Prep-Plan-Execute

I’ve had a lot of people ask me how do I create my lesson for my son. It can be intimidating to create an effective lesson plan for your child, but with the right mindset and drive creating and executing activities can be as easy as 1-2-3. So without further ado, these are some tips and tricks to help you Prep-Plan-Execute an effective lesson plan.

This week my son and I worked on the letter A. To have a variety of lessons, I planned a total of 10 interactive activities for the entire week. Each chosen activity will help reinforce and learn more about the letter A. I know ten activities seem like a lot of work, but these activities should be interchangeable for future lessons. 

Tip one: Follow your child’s cues. What is peaking your child interest? Do they pretend to read or write? What actions of yours are they mimicking? Often our children tell us what they are and are not ready to learn. Use this to determine what lesson you will begin working on next. My son would sing songs like A is for a-a-a-alligator, B is b-b-b-ball, hinting to me that he was starting to recognize that letters made sounds and that letters make words. A simple song has led us to embark on this journey of learning all the letter sounds of the alphabet.

Tip two: What are your child’s interests and favorite toys? Do they like TV characters and which ones? Knowing these things will help you build engaging activities specifically for your child. There is nothing worse than spending time creating an activity that does not hold your child’s attention. Take notice of what motivates your child! Does your child like to get outside and run around? Do they like desk work? Use this to help create the environment in which you will teach your child. My son is very active so, scavenger hunts and races motivate him to learn more.

Tip three: Know and understand your child’s strengths and areas of difficulty. Understanding what your child is a master at and where they can improve will aid you in determining if you are pushing your child too hard or not hard enough. Be honest and open about what your child is telling you and about their strengths and difficulties. Give extra attention to areas of difficulty.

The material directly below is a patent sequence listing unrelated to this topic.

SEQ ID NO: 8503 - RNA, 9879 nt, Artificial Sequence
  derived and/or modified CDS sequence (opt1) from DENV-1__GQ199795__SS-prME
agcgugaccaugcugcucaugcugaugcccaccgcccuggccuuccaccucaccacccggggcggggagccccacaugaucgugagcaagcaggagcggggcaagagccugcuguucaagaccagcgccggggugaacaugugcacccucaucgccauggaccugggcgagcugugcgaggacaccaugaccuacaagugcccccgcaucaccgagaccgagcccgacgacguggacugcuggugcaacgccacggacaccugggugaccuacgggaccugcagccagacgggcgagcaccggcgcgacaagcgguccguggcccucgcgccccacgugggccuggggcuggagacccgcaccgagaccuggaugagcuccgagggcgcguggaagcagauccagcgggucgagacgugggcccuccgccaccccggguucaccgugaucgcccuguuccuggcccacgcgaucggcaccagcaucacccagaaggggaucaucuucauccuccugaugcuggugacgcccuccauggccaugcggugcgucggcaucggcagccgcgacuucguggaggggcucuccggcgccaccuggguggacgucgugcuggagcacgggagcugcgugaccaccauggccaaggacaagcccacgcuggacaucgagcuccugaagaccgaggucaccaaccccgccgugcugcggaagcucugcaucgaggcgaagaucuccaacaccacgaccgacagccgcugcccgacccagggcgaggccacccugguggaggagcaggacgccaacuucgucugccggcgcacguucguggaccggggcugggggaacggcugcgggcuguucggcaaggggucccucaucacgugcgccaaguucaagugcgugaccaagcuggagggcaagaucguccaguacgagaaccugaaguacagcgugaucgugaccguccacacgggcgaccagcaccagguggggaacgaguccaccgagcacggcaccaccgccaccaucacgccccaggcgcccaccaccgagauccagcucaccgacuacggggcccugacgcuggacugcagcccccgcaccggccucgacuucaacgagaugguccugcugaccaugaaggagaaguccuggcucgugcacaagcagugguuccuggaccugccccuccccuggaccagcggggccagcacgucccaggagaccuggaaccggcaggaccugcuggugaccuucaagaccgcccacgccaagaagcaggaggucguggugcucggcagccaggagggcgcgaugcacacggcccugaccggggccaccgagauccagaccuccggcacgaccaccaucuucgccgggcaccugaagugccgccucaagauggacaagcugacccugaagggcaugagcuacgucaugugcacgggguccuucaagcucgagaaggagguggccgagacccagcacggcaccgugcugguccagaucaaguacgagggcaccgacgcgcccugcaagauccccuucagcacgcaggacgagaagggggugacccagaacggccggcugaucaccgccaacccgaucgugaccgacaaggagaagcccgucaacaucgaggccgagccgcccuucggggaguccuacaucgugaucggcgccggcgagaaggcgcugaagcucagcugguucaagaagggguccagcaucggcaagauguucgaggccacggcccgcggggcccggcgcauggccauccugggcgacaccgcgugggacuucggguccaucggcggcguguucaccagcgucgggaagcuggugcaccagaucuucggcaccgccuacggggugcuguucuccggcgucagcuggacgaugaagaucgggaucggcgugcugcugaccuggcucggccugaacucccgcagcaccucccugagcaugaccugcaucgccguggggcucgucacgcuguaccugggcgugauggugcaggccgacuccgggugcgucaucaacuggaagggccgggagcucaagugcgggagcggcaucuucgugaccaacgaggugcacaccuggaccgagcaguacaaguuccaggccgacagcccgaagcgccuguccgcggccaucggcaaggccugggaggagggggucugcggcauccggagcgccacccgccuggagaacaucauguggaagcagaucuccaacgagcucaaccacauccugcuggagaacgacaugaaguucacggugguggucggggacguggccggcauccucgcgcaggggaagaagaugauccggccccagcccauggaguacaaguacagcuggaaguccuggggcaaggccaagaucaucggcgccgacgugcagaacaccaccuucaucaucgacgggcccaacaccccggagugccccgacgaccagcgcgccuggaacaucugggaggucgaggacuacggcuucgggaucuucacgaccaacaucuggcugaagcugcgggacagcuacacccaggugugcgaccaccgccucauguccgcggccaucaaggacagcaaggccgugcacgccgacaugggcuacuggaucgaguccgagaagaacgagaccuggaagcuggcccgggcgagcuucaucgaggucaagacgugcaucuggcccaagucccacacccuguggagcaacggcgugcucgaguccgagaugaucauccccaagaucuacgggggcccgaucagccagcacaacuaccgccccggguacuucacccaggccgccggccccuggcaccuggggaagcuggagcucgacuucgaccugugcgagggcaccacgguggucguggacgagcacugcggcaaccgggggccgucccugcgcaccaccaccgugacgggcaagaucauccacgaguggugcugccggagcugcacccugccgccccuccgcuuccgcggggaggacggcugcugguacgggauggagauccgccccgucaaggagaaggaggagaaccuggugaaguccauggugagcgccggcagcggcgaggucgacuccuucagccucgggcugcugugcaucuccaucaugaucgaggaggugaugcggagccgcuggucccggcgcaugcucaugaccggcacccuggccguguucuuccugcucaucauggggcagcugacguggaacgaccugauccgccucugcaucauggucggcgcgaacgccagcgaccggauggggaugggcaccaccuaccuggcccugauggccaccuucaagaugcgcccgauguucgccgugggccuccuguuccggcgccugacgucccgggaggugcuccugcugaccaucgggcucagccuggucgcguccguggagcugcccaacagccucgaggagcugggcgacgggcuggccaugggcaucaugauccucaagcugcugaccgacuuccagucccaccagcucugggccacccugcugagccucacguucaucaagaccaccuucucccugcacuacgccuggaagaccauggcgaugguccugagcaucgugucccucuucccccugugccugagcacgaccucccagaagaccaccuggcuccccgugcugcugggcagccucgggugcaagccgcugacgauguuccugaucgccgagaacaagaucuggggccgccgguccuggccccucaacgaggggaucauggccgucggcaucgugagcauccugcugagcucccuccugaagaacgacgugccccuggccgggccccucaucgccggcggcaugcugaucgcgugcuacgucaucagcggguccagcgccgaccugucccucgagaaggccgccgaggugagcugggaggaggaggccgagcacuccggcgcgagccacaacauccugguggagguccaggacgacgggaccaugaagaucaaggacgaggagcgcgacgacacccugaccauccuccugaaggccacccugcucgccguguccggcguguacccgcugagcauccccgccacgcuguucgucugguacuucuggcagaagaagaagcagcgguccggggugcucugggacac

Tip four: ALL HANDS ON DECK! Make it fun to use textile letters, paints, Play-Doh, Slime, and other toys. Let your child get their hands dirty. Touch is a VERY IMPORTANT part of the learning process. With that in mind, DO NOT GO FOR BROKE ON TOYS AND LEARNING TOOLS. Purchase toys and learning tools that can be used in many different activities. DO NOT spend hundreds of dollars on “tailored made” learning kits. No child learns the same so, no child should be taught the same. 

Kids all learn at different levels, and that’s okay! That’s what makes them BRILLANT! Instead, take a look at learning kits that catch your eye. Pull out pieces that you like, and create a cheaper and more effective version that works for you and your child.

Tip five: Are you having fun? It already takes so much to be a parent. No one said you can’t have fun too. Make activities that you enjoy to teach and you and your child can enjoy together. If you aren’t enjoying your self chances are neither is your kid!